This is probably the end of the similarities to Wildlands.

This is The Division

The similarities to The Division on the other hand come in thick and fast.  The loot system of Wildlands, where you can unlock weapons or attachments for weapon classes, has been changed to a system similar to The Divison.  Weapons aren't a one off unlock now, you can find better versions of the weapon you already have with more magical bonuses assigned to them and you rapidly build up an inventory of duplicates with differing stats that you then have to deconstruct into parts to use for mods to invest in upgrading your weapon.  These mods do stick so when you find a better version of the same gun, your upgrades are instantly provided - somehow.

A seemingly arbitrary number is assigned to each lootable object, which gives your character a gear-level, which doesn't seem to mean anything apart from if you're not at a certain gear-level then you don't get good drops, meaning you can't upgrade your weapons.  Oh, and of course, the AI damage will scale magically with your gear-level.  I found much of the beta I was spending time trying to manage my inventory and weapons and not shooting things.  This is a bad thing.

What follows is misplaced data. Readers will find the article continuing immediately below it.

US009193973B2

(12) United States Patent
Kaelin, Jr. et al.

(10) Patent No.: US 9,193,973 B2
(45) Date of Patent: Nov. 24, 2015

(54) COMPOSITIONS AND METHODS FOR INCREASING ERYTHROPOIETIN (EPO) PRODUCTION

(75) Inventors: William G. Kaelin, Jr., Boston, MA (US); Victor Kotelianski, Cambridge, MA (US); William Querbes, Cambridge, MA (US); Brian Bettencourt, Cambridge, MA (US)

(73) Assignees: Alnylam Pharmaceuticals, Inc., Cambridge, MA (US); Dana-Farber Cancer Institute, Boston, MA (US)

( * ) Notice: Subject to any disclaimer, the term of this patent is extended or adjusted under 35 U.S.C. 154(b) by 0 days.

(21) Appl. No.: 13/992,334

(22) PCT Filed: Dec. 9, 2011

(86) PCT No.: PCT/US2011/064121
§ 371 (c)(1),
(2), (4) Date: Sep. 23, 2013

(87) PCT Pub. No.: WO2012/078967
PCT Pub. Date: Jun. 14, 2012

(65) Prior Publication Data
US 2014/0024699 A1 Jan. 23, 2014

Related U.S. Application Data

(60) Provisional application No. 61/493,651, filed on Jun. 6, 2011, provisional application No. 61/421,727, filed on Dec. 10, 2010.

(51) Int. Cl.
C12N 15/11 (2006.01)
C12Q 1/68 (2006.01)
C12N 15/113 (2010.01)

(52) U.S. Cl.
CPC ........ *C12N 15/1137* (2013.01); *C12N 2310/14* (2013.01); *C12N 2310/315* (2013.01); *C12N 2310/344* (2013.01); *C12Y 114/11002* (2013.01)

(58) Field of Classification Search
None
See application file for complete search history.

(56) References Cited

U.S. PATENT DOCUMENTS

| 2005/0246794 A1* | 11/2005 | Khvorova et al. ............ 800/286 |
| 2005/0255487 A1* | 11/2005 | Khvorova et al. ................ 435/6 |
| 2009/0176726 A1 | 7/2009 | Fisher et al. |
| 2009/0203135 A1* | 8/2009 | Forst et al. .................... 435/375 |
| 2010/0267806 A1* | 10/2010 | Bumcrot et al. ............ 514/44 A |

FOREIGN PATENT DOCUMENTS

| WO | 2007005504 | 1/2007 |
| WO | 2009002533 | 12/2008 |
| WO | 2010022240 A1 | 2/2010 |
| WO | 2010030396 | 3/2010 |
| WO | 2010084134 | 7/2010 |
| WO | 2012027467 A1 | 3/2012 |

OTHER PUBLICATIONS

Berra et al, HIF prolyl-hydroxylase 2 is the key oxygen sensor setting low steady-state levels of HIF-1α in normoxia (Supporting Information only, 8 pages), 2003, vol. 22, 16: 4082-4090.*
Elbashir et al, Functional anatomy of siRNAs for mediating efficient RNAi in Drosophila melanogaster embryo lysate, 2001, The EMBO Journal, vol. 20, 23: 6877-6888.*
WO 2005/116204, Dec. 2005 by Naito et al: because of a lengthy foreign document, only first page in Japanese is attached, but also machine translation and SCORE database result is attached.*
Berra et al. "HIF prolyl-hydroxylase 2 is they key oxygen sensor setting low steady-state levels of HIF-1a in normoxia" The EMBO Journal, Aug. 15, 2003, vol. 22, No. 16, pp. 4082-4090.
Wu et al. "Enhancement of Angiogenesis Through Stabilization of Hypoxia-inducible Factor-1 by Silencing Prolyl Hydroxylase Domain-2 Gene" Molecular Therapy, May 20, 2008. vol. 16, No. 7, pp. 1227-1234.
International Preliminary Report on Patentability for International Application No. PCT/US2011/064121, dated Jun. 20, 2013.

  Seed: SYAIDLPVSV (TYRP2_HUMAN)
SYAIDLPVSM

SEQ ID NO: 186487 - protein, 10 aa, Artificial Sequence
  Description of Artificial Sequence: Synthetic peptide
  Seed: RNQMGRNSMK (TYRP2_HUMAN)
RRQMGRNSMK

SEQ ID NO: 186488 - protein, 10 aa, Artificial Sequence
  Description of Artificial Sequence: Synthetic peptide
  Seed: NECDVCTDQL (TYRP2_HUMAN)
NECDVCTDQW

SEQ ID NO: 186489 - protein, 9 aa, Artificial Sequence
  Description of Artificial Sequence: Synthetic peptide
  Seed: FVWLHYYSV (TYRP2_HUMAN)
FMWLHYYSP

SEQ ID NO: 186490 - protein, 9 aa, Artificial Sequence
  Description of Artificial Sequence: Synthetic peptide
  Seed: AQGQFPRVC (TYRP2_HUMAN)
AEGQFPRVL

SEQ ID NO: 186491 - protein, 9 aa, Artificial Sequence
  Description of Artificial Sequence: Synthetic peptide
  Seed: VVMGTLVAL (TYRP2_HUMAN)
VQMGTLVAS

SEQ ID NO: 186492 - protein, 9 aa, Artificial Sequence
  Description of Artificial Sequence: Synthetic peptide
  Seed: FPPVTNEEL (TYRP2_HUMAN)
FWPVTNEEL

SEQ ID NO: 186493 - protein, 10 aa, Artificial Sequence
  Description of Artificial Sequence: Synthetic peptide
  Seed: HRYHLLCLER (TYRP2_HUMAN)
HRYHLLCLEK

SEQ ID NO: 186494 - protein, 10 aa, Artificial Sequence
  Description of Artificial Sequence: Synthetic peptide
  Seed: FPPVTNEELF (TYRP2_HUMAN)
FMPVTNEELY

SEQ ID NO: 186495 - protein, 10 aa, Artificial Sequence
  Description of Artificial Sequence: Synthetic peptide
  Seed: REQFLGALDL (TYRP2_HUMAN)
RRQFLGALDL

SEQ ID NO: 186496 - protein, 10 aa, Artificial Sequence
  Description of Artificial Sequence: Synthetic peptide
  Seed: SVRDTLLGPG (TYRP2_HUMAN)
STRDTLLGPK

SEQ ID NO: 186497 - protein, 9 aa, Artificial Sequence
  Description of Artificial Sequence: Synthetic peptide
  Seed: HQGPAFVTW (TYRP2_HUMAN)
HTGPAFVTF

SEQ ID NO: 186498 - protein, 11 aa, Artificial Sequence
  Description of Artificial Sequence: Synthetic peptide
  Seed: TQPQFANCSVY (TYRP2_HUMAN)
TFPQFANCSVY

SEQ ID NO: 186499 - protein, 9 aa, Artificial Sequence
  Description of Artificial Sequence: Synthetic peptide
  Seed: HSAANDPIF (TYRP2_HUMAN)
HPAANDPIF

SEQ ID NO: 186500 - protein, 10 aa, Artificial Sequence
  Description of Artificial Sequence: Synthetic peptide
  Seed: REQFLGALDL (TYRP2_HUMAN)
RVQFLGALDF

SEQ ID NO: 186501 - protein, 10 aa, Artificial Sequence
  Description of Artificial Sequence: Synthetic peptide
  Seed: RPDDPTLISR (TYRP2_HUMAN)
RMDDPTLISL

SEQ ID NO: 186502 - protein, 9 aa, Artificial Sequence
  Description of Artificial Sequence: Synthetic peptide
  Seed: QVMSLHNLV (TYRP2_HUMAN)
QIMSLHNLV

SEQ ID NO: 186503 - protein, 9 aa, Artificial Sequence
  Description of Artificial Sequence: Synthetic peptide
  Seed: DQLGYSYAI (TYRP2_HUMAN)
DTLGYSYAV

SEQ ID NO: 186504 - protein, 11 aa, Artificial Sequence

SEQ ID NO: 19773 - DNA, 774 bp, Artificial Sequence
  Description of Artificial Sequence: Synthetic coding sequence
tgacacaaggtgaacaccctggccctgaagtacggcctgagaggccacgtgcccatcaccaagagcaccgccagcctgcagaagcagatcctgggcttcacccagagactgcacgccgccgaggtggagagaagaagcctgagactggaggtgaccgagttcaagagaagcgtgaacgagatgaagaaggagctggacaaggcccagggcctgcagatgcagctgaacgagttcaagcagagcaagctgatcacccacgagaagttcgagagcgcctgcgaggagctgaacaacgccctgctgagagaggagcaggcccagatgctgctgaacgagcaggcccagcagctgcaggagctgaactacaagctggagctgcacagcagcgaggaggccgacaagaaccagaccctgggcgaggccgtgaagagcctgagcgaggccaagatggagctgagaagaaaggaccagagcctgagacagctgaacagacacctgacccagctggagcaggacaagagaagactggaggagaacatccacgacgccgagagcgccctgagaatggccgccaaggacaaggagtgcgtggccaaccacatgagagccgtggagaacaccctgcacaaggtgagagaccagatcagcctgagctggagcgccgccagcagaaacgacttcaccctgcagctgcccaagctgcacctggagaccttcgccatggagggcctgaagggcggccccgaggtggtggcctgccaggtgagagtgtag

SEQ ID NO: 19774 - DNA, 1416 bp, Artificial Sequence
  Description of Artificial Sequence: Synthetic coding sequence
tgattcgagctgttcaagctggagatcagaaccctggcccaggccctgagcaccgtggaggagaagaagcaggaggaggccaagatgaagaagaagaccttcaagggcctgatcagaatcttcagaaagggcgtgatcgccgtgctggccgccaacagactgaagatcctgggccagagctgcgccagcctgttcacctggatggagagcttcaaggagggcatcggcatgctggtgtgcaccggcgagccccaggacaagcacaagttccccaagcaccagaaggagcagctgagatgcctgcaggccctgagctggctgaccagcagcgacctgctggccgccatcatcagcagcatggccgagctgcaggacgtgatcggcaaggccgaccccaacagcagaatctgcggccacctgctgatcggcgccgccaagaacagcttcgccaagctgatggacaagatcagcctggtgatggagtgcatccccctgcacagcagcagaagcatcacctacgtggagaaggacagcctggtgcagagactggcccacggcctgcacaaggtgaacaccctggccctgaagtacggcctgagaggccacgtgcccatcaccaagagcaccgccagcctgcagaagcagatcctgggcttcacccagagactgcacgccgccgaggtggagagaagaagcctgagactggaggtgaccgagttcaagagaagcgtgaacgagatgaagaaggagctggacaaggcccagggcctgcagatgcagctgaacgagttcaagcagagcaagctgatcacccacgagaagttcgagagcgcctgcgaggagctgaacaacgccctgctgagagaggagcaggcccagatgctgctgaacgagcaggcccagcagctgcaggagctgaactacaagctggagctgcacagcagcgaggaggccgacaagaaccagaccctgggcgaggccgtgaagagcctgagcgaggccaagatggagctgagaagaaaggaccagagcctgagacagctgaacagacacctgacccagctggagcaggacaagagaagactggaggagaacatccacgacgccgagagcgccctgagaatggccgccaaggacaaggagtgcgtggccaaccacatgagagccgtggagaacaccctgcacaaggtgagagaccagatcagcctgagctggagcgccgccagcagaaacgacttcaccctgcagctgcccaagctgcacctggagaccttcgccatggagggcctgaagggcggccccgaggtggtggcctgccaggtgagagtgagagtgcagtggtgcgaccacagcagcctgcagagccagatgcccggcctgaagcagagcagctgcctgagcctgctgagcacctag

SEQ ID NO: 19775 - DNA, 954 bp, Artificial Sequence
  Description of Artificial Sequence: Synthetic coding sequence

You will also find a central hub/lobby where you can find stations and watch through lengthy and largely pointless scripted cut-scenes before going through the treacle run as you half-jog for 45 seconds to get to the exit where you can play the game.  Outside in the game you're a lone-wolf, surviving on your wits as the only man standing against the evil rulers of the island; inside there is a hustle and bustle of human players in a lobby environment, armed to the teeth in all sorts of fancy outfits.

There is a shop with a random number generator assigned to it so you can get some good stuff if you're lucky.  All of which you have to pay for, because their rebellion is not prepared to let you help without some remuneration.